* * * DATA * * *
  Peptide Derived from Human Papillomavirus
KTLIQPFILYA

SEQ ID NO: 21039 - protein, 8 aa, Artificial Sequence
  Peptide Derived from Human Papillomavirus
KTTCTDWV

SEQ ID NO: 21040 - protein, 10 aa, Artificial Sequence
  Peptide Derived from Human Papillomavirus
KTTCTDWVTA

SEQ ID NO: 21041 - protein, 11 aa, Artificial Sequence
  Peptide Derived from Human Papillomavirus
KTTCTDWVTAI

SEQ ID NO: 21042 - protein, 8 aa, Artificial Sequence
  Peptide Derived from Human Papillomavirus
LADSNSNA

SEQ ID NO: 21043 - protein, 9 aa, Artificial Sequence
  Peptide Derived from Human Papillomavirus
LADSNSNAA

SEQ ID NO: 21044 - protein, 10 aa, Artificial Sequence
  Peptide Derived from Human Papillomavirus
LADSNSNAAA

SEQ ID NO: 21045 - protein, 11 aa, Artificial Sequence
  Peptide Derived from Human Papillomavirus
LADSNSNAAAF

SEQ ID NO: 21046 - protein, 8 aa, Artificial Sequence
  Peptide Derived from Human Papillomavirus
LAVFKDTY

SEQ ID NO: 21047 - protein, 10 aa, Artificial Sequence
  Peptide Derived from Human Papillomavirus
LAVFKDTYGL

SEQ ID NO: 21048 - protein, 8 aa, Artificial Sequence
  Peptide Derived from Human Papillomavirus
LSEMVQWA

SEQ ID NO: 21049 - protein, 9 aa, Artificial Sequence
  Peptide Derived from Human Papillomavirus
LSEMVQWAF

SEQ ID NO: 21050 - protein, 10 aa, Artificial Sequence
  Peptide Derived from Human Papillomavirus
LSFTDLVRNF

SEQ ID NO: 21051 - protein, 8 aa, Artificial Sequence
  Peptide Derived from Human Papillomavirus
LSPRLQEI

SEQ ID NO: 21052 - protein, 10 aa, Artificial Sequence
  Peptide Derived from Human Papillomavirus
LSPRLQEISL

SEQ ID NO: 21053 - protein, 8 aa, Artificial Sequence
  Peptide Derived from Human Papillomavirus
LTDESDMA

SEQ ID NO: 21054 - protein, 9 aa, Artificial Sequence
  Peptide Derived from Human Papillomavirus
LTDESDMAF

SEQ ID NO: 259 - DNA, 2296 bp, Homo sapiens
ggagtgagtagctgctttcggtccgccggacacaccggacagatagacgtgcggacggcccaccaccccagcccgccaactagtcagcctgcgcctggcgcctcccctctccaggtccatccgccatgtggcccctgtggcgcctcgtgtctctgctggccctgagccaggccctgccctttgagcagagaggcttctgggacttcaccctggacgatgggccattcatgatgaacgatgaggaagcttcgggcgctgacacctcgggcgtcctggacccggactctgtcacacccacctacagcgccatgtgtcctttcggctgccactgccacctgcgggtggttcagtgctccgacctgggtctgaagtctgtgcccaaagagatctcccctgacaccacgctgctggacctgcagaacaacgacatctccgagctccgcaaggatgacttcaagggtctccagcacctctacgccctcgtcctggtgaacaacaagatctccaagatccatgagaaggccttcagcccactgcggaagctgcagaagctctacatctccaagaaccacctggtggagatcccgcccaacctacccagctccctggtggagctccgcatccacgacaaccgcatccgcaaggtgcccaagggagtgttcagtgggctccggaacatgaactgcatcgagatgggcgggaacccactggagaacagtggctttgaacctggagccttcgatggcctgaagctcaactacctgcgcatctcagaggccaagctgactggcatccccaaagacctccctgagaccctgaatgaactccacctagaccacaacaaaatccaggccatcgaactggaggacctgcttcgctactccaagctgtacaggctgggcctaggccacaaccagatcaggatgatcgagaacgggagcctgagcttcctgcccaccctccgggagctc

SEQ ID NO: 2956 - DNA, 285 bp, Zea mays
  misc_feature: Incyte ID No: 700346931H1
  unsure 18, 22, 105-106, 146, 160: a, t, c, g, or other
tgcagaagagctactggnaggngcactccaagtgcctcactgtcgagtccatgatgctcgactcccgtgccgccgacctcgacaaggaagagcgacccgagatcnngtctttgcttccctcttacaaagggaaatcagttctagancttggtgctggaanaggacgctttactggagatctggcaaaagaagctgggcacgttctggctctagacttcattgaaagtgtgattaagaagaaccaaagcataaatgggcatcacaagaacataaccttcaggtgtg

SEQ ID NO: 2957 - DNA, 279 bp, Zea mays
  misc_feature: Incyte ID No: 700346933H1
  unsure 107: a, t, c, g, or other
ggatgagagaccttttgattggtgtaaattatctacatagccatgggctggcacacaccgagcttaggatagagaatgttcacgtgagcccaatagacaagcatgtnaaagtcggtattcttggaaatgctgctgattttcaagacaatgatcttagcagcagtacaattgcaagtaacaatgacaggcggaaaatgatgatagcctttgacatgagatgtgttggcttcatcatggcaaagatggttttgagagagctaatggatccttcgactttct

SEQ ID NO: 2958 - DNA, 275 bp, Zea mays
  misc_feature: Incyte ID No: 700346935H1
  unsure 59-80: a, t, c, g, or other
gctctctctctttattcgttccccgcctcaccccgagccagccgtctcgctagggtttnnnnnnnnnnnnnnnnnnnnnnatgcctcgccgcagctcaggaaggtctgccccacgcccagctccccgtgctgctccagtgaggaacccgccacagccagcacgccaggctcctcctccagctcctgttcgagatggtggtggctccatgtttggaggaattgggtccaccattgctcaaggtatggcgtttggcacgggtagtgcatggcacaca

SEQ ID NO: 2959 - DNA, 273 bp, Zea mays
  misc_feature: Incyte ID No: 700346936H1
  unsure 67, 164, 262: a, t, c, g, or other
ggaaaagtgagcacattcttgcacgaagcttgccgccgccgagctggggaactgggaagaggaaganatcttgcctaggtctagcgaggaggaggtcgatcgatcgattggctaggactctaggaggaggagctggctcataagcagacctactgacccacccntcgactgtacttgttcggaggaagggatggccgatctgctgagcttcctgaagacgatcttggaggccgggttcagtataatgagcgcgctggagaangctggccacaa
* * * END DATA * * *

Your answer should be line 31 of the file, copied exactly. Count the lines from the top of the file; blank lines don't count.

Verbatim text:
  Peptide Derived from Human Papillomavirus